As the trend of contract or short-term employment rises in Ghana, the risk against workers also increases.
Although employers now find contract employment beneficial in reducing labour cost, the risks associated with the practice for workers remains a concern to the labour unions.
Saturday’s accident at the Newmont Ghana’s Ahafo mine in which six contract workers died and two others injured, brings into sharp focus the need for a revision of the framework for contract jobs to offer more benefits to such workers.
This is because the current system does not offer much benefit to contract workers and casual workers, exposing them to exploitation by some employers.
It is not clear what benefits are in store for the deceased and injured contract workers at Newmont, but whatever the benefits may be, it would be much lower than the benefits for permanent employees.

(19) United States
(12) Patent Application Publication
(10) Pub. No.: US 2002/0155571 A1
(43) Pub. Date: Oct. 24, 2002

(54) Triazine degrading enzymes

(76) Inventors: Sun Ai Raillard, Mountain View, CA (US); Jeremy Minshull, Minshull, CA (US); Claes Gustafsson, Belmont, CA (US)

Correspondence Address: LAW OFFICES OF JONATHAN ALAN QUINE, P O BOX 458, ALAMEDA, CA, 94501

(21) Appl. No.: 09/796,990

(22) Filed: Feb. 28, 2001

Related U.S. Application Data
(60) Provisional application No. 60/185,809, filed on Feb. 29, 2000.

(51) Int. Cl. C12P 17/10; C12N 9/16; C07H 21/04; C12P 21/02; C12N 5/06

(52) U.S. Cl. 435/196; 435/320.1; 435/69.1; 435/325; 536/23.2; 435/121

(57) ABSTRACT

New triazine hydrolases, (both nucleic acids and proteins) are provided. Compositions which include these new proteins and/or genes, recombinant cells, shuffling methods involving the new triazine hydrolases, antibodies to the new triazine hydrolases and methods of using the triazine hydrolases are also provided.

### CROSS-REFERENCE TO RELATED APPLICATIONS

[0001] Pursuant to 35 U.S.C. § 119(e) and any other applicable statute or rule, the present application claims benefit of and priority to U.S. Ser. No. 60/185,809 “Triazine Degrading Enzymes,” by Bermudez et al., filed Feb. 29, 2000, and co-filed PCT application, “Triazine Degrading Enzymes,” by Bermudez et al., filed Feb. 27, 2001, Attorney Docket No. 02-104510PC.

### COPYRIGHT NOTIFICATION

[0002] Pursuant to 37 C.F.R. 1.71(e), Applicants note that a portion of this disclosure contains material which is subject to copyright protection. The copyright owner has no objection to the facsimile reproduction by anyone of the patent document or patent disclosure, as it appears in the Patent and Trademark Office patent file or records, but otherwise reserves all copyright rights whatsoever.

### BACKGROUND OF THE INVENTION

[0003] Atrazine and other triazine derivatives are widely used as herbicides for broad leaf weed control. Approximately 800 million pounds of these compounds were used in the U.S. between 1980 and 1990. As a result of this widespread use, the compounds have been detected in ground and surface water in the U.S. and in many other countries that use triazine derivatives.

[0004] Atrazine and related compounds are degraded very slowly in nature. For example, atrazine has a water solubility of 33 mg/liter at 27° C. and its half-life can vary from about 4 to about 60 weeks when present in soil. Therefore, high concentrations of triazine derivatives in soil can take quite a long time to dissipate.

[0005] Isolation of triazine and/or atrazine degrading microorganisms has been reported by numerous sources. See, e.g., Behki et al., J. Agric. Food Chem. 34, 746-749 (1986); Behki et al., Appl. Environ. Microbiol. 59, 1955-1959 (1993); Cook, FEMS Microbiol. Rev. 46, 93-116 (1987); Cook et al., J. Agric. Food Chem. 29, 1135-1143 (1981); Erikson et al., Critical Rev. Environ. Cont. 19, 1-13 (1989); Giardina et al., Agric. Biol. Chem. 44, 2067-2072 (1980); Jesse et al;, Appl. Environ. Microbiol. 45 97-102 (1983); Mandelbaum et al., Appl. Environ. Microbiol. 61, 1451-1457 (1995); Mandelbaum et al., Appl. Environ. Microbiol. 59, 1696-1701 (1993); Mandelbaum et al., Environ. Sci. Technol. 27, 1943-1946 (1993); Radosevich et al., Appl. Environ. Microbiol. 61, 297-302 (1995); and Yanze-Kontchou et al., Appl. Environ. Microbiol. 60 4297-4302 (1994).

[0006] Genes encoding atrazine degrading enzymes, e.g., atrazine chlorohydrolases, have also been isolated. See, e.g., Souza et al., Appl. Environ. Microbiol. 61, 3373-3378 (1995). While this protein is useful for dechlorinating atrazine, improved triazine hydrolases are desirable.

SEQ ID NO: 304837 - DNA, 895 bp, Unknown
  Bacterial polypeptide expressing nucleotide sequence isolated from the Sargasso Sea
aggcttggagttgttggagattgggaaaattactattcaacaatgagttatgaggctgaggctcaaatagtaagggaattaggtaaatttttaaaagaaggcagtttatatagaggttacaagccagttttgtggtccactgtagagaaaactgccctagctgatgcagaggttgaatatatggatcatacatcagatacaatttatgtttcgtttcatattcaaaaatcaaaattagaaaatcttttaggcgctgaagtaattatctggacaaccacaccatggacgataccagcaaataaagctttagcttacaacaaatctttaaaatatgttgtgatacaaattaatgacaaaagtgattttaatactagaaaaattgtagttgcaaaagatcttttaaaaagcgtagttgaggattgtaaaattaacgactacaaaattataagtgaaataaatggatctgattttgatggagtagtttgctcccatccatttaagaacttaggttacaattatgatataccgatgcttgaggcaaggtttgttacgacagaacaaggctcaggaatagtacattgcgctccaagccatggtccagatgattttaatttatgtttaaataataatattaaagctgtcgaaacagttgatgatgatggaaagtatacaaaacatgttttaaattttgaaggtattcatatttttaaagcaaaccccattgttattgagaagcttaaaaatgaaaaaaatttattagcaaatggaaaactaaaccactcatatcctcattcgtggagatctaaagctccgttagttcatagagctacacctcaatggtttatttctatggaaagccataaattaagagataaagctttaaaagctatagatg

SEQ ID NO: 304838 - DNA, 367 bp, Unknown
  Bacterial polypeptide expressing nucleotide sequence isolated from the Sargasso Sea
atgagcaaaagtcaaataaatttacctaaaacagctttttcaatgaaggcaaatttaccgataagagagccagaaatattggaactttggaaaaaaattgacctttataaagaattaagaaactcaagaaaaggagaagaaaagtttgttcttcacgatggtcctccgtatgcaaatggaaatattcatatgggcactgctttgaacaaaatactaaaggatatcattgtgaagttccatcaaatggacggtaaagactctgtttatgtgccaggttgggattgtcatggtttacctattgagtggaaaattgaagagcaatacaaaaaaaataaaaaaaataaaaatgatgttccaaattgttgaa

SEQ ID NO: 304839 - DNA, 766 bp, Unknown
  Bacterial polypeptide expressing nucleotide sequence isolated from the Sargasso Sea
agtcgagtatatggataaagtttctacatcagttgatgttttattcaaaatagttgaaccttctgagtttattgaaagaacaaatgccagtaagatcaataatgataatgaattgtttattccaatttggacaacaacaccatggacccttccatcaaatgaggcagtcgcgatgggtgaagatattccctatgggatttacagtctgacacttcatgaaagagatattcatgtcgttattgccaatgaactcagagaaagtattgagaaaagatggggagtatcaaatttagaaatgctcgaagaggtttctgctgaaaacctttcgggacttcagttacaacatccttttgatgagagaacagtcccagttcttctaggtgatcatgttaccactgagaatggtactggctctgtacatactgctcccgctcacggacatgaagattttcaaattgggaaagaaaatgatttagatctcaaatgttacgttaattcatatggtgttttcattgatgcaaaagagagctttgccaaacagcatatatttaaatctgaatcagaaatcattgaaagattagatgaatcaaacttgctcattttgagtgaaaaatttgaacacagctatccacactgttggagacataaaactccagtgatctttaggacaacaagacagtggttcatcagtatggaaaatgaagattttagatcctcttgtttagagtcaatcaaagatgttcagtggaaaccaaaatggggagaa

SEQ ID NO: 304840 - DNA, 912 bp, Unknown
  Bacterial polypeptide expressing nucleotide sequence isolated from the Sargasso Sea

Worried about the situation, the Ghana Mine Workers’ Union has declared its determination to seek improved working conditions for contract employees in the mining sector.
The union maintains that the move should afford such workers all the benefits that are due full-time employees and secure their welfare.
According to the Deputy General Secretary of the union, Abdul Moomin Gbana, the union plans to engage the government to change the status quo.
Commenting on the accident which occurred when the roof of the tunnel of the mining company’s mill expansion project collapsed on the workers, he said the union would continue to oppose contract jobs which pose a threat to job security.
“As a union, we expect that we will be able to lift our game. The whole idea of general contract work and its associated conditions are things we need to sit up and look at as a tripartite that is, organised labour, employers and government.
“Because of the fast pace at which this employment trend is taking, if we’re not careful, these are the kinds of things we will be seeing,” he said.
By Nii Adotey/adrdaily.com